Rose Ann Vuich was the first female member of the California State Senate. Helen Delich Bentley is a former Republican member of the U.S. House of Representatives from the State of Maryland (1985–95). The port of Baltimore was named Helen Delich Bentley Port of Baltimore after her in 2006. Many notable Serbian American come from the field of film and generally art, such as - Brad Dexter and Peter Bogdanovich. Steve Tesich was an Oscar-winning screenwriter, playwright and novelist. He won the Academy Award for Best Original Screenplay in 1979 for the movie Breaking Away. Predrag Bjelac is mostly known for his roles in Harry Potter and the Goblet of Fire and The Chronicles of Narnia: Prince Caspian, Catherine Oxenberg should also be mentioned among actors, she is a daughter of Princess Jelisaveta Karađorđević, from Karađorđević Dynasty. Charles Simic and Dejan Stojanovic are the finest among poets. Walt Bogdanich (1950) is an investigative journalist. He won the Pulitzer Prize for Specialized Reporting in 1985, the Pulitzer Prize for National Reporting in 2005 and the Pulitzer Prize for Investigative Reporting in 2008. Bogdanich led the team that won the 2008 Gerald Loeb Award for their story "Toxic pipeline". Branko Mikasinovich is a scholar of literature as well as a noted Slavist and journalist. He has appeared as a panelist on Yugoslav press on ABC's "Press International" in Chicago and PBS's "International Dateline" in New Orleans. Alex N. Dragnich is the recipient of the Thomas Jefferson Award for distinguished service to Vanderbilt University, and he is author of numerous books on Serbian/Yugoslav history. Nikola Tesla and Mihajlo Idvorski Pupin are the world-known scientists. Another accomplished Serbian-American scientist, Miodrag Radulovački, was named the 2010 Inventor of the Year at the University of Illinois[14] for producing a dozen potential therapies for sleep apnea. Hall of fame basketball player, Pete Maravich (1947–1988) is listed among the 50 Greatest Players in NBA History.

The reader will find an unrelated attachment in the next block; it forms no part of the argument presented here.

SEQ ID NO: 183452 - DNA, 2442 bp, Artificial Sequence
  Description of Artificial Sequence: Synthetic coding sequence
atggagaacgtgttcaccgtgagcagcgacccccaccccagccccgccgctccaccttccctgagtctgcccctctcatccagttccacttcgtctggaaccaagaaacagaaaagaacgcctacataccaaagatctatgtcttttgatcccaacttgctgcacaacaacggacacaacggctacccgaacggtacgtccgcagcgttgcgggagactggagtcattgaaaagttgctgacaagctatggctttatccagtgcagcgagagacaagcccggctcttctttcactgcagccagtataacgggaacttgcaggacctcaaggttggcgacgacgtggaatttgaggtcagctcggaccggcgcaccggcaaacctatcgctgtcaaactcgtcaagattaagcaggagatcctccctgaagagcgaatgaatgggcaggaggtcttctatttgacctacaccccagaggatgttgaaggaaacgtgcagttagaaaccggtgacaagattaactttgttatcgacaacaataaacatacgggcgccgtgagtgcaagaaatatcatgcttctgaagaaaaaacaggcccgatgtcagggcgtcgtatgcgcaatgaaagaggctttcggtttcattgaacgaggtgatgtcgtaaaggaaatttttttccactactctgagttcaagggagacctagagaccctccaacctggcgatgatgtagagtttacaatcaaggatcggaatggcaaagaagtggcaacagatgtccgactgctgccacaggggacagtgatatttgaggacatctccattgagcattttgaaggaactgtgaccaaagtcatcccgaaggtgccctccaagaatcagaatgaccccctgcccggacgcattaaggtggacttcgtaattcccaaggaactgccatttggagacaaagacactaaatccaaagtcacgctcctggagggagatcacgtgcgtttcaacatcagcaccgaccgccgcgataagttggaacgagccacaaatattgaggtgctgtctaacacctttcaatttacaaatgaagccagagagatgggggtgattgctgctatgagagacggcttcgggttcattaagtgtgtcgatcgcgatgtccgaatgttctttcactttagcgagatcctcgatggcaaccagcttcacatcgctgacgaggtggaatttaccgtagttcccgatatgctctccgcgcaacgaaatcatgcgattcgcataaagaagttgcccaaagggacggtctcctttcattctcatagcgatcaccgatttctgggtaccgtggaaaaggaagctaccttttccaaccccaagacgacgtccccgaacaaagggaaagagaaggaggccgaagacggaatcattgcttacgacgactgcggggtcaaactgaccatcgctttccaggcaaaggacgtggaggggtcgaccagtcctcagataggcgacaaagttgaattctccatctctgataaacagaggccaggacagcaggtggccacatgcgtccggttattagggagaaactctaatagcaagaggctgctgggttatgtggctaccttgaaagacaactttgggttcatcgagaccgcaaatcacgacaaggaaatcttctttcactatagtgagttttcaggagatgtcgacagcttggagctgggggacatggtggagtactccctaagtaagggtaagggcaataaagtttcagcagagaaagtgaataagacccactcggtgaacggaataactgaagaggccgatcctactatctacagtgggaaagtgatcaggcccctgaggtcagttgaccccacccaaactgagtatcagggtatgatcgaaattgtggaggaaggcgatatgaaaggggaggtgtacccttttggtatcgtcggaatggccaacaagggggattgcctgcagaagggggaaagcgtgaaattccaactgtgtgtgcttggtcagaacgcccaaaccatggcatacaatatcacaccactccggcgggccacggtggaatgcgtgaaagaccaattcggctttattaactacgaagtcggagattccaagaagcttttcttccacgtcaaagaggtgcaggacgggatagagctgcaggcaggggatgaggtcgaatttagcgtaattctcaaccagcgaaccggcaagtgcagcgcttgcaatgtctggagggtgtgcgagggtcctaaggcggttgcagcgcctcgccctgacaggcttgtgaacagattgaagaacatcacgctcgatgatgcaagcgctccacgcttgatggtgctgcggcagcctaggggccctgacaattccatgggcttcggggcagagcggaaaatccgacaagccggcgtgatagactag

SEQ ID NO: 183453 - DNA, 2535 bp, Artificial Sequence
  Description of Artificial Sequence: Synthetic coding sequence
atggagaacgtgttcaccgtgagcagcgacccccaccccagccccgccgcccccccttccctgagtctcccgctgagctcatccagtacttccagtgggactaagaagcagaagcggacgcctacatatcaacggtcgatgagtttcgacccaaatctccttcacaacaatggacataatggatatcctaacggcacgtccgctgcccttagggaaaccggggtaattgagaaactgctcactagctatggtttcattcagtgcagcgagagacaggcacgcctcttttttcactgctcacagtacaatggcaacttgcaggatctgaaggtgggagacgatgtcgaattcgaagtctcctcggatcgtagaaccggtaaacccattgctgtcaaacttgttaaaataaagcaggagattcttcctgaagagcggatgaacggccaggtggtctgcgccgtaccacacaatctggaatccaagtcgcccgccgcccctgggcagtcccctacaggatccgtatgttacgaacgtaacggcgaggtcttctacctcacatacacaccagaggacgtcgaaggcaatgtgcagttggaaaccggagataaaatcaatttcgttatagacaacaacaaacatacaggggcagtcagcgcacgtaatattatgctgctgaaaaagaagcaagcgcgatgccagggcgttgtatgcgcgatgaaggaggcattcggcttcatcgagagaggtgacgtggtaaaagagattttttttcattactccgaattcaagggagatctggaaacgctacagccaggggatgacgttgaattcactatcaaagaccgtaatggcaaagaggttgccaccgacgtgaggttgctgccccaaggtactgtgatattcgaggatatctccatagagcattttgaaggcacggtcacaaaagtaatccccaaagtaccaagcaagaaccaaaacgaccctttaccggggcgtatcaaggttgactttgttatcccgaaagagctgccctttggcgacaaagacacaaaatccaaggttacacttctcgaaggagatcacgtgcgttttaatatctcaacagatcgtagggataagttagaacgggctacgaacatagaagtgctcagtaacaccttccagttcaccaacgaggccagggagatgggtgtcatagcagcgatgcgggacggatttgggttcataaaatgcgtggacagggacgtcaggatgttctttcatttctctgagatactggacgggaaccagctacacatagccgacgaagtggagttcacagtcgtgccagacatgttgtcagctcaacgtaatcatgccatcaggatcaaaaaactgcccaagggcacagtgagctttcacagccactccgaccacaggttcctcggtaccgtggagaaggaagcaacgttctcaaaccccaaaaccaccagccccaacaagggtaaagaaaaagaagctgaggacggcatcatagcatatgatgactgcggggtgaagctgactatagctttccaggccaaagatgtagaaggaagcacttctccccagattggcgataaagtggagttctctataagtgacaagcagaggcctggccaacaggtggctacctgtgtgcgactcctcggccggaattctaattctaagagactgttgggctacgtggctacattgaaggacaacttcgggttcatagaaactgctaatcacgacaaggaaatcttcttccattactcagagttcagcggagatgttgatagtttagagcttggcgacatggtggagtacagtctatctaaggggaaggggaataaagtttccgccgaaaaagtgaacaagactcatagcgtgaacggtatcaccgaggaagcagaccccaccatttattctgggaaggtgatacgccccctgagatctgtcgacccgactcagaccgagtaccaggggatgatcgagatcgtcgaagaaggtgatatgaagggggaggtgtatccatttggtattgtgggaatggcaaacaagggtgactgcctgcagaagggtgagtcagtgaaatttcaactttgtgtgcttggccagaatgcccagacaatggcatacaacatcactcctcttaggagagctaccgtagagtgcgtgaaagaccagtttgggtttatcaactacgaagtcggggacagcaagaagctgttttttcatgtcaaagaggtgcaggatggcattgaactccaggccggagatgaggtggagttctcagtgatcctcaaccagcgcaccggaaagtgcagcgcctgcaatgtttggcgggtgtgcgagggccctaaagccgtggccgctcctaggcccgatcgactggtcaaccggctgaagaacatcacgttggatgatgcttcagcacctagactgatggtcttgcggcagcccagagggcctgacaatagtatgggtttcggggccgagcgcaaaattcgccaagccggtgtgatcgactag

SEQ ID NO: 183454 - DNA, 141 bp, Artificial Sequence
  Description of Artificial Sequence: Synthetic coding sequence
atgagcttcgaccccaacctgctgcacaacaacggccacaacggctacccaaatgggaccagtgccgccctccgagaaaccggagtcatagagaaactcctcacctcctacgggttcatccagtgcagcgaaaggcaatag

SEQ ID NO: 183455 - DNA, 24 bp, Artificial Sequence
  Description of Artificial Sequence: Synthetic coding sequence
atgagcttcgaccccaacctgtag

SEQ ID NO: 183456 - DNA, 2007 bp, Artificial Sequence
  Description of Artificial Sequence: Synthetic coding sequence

Volunteers in the Serbian Army

Serbian-Americans volunteered in the First Balkan War.[15]

During World War I, Pupin's Consulate in New York served as a center of Serbian-American diplomacy and volunteering of Serbian-Americans to the Serbian front.[16] In the 1912–18 period, thousands of Serbian-American volunteers came from Alaska and California.[17]

In popular culture

See also


  1. ^ "2012 American Community Survey". 
  2. ^ a b c d e Powell 2005, pp. 267.
  3. ^ a b Henderson & Olasiji 1995, p. 124.
  4. ^ a b Alter 2013, p. 1257.
  5. ^ Bock-Luna 2005, p. 25.
  6. ^ Powell 2005, pp. 267-268.
  7. ^ Paul 2002, p. 94.
  8. ^
  9. ^ John Powell (1 January 2009). Encyclopedia of North American Immigration. Infobase Publishing. pp. 267–.  
  10. ^ "Rank of States for Selected Ancestry Groups with 100,00 or more persons: 1980".  
  11. ^ "1990 Census of Population Detailed Ancestry Groups for States".  
  12. ^ "Ancestry: 2000".  
  13. ^ "Total ancestry categories tallied for people with one or more ancestry categories reported 2010 American Community Survey 1-Year Estimates".  
  14. ^ Serb is Inventor of the Year in Illinois, UIC OTM Announces 2010 Inventor of the Year
  15. ^ Rodney P. Carlisle; Joe H. Kirchberger (1 January 2009). World War I. Infobase Publishing. pp. 11–.  
  16. ^ Serbian Studies 4–5. North American Society for Serbian Studies. 1986. p. 19. 
  17. ^ Serb World 5–6. Neven Publishing Corporation. 1988. p. 40. 



External links

  • USA SERBS/Serbian-American network
  • Famous Serbian Americans
  • Chicago Serbs
  • Serbian National Defense Council of America
  • Serb National Federation
  • Serbs for Serbs
  • Serb Life eMagazine